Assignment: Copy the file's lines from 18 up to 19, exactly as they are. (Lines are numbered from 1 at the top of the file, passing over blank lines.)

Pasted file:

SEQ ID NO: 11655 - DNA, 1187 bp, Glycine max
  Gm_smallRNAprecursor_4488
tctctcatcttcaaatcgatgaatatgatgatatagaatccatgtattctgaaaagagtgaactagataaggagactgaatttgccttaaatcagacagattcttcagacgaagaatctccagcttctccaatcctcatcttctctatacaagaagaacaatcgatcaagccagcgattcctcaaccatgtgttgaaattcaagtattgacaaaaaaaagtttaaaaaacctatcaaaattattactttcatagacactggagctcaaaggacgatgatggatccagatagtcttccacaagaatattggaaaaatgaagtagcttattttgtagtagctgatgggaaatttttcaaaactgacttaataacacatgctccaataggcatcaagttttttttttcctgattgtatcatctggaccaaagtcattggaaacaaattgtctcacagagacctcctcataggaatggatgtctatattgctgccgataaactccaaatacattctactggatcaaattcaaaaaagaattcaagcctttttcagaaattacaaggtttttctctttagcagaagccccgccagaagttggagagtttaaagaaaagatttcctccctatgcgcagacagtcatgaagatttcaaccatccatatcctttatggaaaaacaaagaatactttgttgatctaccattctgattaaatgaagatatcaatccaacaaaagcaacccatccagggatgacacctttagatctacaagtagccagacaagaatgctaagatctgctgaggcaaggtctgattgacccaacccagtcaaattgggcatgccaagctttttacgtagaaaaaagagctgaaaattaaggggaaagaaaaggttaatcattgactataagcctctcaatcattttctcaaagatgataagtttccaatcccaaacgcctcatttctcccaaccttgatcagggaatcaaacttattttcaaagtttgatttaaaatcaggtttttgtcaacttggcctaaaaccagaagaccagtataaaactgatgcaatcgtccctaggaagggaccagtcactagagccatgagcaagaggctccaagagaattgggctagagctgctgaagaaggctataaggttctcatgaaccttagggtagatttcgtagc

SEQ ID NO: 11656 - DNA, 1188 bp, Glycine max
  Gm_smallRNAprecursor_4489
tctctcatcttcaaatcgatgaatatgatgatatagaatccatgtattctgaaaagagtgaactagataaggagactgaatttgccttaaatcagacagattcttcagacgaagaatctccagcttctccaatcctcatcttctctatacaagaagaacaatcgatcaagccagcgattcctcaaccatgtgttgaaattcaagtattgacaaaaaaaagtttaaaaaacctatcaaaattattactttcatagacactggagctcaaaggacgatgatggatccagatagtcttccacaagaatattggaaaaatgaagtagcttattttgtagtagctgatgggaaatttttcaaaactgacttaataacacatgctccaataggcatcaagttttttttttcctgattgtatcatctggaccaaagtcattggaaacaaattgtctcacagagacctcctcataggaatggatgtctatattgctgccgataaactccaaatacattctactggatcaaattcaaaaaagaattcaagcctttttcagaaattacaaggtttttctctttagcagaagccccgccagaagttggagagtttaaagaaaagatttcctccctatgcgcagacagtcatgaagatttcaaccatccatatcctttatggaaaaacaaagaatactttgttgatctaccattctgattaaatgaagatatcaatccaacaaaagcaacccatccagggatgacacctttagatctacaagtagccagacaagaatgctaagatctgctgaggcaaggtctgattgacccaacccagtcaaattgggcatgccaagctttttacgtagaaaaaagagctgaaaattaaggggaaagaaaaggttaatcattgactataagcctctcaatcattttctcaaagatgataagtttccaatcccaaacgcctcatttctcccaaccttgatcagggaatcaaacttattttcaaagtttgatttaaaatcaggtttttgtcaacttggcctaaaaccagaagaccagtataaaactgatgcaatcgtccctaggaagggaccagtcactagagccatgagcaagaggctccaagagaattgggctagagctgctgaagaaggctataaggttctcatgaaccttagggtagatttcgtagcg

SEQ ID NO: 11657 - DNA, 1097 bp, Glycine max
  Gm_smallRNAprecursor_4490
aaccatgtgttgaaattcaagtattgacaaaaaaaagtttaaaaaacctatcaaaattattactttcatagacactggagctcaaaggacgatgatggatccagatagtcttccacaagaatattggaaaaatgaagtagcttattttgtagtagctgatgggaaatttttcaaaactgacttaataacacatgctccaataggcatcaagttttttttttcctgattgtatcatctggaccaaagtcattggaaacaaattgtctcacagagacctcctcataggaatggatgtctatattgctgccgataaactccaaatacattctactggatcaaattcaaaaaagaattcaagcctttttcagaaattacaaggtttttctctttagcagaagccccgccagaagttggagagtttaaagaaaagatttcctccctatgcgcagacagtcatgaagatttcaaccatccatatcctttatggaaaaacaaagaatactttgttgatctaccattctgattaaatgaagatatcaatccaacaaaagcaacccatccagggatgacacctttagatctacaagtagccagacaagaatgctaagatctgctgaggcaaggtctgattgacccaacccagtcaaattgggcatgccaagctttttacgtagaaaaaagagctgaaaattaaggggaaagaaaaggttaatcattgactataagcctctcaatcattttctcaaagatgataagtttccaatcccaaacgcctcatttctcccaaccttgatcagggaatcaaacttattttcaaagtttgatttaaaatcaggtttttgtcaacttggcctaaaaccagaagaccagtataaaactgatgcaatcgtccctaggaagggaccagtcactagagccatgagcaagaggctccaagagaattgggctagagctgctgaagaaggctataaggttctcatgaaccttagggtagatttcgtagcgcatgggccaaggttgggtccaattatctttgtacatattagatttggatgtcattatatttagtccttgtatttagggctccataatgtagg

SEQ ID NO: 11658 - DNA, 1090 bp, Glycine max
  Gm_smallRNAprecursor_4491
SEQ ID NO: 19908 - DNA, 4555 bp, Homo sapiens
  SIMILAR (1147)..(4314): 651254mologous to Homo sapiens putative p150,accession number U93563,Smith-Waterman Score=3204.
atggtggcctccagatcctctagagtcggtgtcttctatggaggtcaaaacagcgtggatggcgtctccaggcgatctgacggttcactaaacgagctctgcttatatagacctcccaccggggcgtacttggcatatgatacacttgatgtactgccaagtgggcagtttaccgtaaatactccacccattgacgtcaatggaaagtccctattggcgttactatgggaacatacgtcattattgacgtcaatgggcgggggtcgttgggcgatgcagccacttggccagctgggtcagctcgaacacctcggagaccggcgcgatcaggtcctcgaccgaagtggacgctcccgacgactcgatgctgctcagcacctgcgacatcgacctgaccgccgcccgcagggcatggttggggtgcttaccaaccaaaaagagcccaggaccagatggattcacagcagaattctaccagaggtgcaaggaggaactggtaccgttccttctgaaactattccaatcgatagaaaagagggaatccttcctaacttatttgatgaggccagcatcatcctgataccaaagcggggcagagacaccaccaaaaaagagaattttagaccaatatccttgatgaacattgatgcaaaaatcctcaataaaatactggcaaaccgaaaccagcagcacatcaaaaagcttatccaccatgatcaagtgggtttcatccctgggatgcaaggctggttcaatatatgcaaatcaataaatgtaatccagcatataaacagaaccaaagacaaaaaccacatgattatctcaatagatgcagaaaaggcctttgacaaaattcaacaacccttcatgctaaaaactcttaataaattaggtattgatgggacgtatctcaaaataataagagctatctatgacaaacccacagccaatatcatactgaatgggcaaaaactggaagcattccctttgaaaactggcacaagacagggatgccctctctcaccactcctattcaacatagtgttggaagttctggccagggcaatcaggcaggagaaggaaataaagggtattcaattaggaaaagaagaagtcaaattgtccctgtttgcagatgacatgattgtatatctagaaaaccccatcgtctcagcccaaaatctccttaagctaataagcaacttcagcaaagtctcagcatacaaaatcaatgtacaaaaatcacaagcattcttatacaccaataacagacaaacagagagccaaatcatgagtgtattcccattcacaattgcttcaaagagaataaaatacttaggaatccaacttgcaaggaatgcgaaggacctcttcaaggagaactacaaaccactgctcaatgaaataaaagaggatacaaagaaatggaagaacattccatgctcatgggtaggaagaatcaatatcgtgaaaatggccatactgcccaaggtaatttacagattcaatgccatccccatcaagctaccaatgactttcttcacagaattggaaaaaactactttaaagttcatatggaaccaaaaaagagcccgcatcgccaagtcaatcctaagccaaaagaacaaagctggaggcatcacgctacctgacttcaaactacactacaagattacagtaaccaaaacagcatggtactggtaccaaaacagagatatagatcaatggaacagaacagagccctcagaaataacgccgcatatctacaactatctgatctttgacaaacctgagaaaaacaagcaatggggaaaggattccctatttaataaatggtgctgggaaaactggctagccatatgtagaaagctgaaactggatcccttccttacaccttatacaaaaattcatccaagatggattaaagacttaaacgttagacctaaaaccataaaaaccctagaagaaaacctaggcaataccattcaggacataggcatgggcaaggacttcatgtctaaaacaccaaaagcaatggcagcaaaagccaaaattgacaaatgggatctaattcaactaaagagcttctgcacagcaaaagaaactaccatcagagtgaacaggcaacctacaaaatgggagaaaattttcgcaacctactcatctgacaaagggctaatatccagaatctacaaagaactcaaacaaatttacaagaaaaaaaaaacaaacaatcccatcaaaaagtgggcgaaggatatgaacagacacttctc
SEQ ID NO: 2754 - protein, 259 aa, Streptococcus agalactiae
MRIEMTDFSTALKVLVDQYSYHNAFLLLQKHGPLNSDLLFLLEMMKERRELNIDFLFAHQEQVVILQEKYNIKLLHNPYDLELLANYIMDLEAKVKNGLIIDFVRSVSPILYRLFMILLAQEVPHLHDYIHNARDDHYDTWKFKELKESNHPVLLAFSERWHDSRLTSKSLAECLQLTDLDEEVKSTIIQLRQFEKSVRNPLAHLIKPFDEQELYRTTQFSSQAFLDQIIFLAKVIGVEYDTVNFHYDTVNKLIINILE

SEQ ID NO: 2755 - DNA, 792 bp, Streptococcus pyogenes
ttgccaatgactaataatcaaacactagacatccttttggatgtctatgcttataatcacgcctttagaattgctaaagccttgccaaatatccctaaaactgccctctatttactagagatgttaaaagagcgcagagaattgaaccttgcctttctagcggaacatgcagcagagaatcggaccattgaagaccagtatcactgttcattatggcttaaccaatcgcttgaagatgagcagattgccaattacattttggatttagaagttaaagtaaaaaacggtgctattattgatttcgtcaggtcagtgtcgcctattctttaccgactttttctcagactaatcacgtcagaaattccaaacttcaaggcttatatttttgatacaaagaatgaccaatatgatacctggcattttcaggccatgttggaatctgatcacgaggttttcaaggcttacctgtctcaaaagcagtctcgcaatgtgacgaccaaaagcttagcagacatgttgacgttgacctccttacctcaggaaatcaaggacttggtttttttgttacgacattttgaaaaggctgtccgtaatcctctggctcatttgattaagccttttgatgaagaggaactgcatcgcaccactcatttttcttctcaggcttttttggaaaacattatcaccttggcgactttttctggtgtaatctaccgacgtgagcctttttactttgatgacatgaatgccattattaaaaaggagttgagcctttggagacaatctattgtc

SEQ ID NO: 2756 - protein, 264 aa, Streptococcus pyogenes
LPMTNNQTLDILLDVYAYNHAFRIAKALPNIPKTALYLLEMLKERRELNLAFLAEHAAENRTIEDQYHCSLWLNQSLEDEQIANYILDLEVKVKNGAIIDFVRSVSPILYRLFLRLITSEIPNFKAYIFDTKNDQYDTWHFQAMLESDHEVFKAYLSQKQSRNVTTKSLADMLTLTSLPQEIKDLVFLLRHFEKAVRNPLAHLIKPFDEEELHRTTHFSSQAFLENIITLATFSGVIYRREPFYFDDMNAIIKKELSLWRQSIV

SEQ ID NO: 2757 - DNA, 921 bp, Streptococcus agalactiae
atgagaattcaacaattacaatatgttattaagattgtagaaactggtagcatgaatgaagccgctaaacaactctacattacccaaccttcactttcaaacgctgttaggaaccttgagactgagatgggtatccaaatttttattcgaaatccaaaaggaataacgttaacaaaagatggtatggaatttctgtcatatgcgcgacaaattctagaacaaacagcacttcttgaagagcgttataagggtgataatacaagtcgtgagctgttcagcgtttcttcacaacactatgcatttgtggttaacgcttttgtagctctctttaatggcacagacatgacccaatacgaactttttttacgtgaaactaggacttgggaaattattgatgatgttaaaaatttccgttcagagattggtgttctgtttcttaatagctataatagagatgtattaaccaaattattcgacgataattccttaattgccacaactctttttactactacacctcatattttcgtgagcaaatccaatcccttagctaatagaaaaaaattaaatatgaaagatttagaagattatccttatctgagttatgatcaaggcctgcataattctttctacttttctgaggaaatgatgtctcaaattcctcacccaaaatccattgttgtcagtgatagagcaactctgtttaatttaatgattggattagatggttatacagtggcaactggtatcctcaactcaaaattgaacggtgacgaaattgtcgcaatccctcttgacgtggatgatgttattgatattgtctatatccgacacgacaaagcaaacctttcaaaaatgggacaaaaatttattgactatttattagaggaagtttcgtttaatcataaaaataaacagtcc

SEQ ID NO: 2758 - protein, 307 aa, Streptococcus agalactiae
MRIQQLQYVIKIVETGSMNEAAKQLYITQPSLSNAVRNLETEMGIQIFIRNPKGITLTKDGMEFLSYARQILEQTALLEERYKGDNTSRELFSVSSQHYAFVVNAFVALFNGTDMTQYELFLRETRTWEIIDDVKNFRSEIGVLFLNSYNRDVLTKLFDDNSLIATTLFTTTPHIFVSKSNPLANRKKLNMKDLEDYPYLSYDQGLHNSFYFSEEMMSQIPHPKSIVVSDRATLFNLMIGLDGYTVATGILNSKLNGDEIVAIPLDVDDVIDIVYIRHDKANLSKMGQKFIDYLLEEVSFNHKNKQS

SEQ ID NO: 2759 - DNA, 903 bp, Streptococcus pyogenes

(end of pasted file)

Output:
ttgccaatgactaataatcaaacactagacatccttttggatgtctatgcttataatcacgcctttagaattgctaaagccttgccaaatatccctaaaactgccctctatttactagagatgttaaaagagcgcagagaattgaaccttgcctttctagcggaacatgcagcagagaatcggaccattgaagaccagtatcactgttcattatggcttaaccaatcgcttgaagatgagcagattgccaattacattttggatttagaagttaaagtaaaaaacggtgctattattgatttcgtcaggtcagtgtcgcctattctttaccgactttttctcagactaatcacgtcagaaattccaaacttcaaggcttatatttttgatacaaagaatgaccaatatgatacctggcattttcaggccatgttggaatctgatcacgaggttttcaaggcttacctgtctcaaaagcagtctcgcaatgtgacgaccaaaagcttagcagacatgttgacgttgacctccttacctcaggaaatcaaggacttggtttttttgttacgacattttgaaaaggctgtccgtaatcctctggctcatttgattaagccttttgatgaagaggaactgcatcgcaccactcatttttcttctcaggcttttttggaaaacattatcaccttggcgactttttctggtgtaatctaccgacgtgagcctttttactttgatgacatgaatgccattattaaaaaggagttgagcctttggagacaatctattgtc

SEQ ID NO: 2756 - protein, 264 aa, Streptococcus pyogenes